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Feb 23rd 2011 1:48PM There is a distinct difference between Terrorism and Crime. Even organized crime normally does not deserve the label of terrorism, unless it fits certain prerequisites. The difference between terrorism and war is also very distinct.
Crime is any generally reprehensible act perpetrated by civilians on civilians for monetary gain. If it's perpetrated by a member of the government, it's corruption, and if by the entire government, it's tyrrany.
Terrorism is any generally reprehensible act perpetrated by civilians on civilians for political gain or ideals of any sort (religion, etc). When perpetrated by a government or member of a government, it's war crimes.
War is any generally reprehensible act perpetrated by ANY person on military or governmental targets, for any form of gain.
With these guidelines, the Defias Brotherhood is a terroristic organization. It victimizes civilians, for political and monetary gain.
Feb 20th 2011 8:57PM I disagree. The leaders of the Gnomes and Trolls, respectively, are considered a part of the achievement, and they have no capital cities to their names. And they didn't even have the minor locations they have now until recently.
Feb 19th 2011 12:21PM I am not saying that anything justifies piracy. I am saying that people will use that as an excuse. It's really a simple concept: the more barriers to entry you erect, the more people will get frustrated and seek another way to get what they want. If that is illegal copying, then that is what they will do.
DRM is not caused by the hackers. DRM is caused by the publishers who are trying to combat the hackers. Ultimately, however, the DRM is quickly circumvented, which makes its inclusion pointless in preventing pirating, and the only impact is a negative one towards the customers. And as I stated before, the more you make your product unappealing, the fewer customers you ultimately wind up with.
Feb 18th 2011 2:50PM I agree with Jeff. The fact is that piracy is a constant part of the internet (like porn), and will never be stopped, whatever draconian measures are employed. The more intelligent developers instead offer reasons to buy the game, such as online exclusives, quick patching, and social rewards like achievements. The more reasons there are to buy the game, the less sales are lost to the convenience of piracy.
Feb 18th 2011 2:45PM If there wasn't a market for "reheated" games, then they wouldn't be selling. The fact that these games make millions of sales show that there is indeed a market for them.
Rather than "discouraging" the creation of games you dislike through illegal activity, why don't you encourage the creation of games you like through direct funding (i.e. paying for them, either retail or donations), and being a part of the community?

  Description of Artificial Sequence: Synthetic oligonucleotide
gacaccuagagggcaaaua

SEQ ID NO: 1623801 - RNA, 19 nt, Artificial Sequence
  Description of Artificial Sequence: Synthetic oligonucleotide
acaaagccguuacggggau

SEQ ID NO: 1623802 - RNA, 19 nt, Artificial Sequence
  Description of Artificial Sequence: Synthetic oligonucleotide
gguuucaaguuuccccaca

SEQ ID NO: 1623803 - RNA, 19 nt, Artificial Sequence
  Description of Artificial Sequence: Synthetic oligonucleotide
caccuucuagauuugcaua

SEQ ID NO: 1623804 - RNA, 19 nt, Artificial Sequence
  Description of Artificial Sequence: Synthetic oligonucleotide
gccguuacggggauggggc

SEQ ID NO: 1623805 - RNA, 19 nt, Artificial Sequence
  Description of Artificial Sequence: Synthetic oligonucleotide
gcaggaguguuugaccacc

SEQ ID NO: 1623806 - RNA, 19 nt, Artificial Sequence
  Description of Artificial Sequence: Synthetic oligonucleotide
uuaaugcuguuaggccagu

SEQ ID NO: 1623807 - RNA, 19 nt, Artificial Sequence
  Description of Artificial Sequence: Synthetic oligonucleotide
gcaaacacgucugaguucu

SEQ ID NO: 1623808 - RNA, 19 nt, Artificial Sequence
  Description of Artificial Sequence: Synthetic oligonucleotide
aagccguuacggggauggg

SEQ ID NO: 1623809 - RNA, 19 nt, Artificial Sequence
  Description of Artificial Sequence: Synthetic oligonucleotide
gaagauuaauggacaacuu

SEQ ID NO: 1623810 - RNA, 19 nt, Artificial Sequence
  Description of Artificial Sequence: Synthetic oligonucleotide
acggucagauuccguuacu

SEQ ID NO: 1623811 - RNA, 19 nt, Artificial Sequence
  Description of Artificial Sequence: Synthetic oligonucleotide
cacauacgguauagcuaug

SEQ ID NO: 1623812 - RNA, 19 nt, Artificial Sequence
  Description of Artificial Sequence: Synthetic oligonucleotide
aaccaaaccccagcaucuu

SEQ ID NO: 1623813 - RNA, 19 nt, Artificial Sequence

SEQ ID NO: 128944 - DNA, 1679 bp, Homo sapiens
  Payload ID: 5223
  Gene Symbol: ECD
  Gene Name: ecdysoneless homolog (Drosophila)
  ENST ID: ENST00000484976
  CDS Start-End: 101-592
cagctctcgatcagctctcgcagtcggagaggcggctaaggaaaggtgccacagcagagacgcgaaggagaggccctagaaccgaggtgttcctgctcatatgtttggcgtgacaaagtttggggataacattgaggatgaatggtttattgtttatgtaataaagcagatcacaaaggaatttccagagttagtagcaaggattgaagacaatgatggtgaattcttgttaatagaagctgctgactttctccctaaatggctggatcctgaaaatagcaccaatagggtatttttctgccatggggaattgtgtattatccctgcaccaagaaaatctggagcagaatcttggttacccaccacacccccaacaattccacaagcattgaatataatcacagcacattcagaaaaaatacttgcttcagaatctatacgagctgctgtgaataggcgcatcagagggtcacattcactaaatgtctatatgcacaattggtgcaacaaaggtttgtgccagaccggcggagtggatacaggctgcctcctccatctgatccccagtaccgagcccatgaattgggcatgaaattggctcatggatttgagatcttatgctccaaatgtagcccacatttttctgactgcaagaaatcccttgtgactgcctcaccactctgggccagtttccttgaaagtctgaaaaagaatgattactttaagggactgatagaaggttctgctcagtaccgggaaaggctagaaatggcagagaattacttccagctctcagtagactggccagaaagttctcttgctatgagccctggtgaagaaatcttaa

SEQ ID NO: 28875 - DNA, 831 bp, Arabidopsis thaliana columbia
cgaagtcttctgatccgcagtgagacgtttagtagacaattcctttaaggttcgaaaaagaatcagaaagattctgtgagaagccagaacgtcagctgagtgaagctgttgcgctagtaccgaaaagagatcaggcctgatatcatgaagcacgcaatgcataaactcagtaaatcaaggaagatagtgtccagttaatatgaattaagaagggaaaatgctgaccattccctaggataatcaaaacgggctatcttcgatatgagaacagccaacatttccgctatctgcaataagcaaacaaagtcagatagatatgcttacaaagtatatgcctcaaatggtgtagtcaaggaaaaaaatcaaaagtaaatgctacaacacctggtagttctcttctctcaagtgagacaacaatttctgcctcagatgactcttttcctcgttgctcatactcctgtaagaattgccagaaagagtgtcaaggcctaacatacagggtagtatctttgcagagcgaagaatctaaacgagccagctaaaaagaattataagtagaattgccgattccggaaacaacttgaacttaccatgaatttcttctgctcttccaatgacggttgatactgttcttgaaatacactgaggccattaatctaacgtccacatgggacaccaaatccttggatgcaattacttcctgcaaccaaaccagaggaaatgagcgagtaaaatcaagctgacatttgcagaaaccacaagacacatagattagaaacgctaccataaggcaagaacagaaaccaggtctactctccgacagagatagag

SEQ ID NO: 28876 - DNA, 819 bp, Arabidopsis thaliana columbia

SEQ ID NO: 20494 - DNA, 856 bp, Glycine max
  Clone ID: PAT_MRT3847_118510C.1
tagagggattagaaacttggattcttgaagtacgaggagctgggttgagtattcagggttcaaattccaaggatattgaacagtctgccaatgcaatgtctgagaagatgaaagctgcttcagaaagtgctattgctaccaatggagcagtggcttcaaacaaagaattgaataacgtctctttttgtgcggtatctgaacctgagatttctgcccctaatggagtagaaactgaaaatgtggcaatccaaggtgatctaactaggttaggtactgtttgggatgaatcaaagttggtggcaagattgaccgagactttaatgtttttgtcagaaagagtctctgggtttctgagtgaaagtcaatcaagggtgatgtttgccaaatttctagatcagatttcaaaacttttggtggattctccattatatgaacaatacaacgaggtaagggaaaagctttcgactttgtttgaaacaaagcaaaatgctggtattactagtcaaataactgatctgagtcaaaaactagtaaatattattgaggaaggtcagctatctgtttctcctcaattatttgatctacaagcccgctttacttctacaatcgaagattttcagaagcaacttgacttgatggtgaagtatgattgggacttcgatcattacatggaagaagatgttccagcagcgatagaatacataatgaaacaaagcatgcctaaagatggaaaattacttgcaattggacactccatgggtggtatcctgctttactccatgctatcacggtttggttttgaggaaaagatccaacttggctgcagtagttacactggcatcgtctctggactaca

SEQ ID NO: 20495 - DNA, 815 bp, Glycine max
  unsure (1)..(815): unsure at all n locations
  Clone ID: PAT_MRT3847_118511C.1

Feb 18th 2011 2:41PM The way that Blizzard implemented SC2 is actually almost perfect. You have features you only get with a legitimate copy of the game, without requiring ridiculous DRM measures for those who would not like their computers bogged down. There is no real reason for downloading a pirated version, because the paid version has no drawbacks and multiple perks. Any sales "lost" to piracy were never going to be there in the first place.
Feb 18th 2011 2:38PM The worst kind of security is security through obscurity. People who were interested in downloading the game already knew about it, and not discussing it is to not allow the opposing viewpoint a voice (i.e. encouraging players to pay for the game).
Feb 18th 2011 2:37PM The reason more people move to piracy is because of the ridiculous DRM. Pirates can, and most assuredly will, break any form of DRM, and the DRM-free versions of games attract downloaders, whether or not they actually own the game. All Crytek can do is give gamers a reason to buy the full game, perhaps by including extras such as those found in most special editions these days, or additional content that wasn't in the base game. And, perhaps by stripping the DRM from the game, they'll retain more of the sales.
Feb 18th 2011 2:33PM One of the things that media makers of all types need to realize is that copying and piracy are inevitable. Anything that is or can be in a purely digital form can and will be made freely available, whether legally or otherwise. I'm not advocating piracy as a method of gaining the media, but acknowledging that, like it or not, it's not going to go away.
Instead, rather than trying to completely prevent piracy (an impossibility), they should concentrate on preventing more of their paying customers from shifting to piracy from paying. Crysis responded correctly in addressing the fans directly, as engaging with your audience is a surefire way to keep them paying. It's when things like ridiculous amounts of DRM, or punishing players in other ways by not properly supporting or fully developing the game, that they really, truly start to lose sales.
For an intelligent, if somewhat biased, view at how to deal with the creation and sale of media in the new economy, I suggest visiting www.techdirt.com, a blog that is indeed focused on such issues.
I also applaud the Crysis team for their fan-friendly damage control, and hope that their game is everything people hope for.
Feb 17th 2011 12:10PM As someone who has a two-person guild (just me and my fiance, no more raiding guilds for us thank you very much), I can state that the levelling system was not built with us in mind. However, when we DO reach level two (our mains are almost 85, and we have eight alts levelling from scratch in the guild), we'll have earned it, dammit!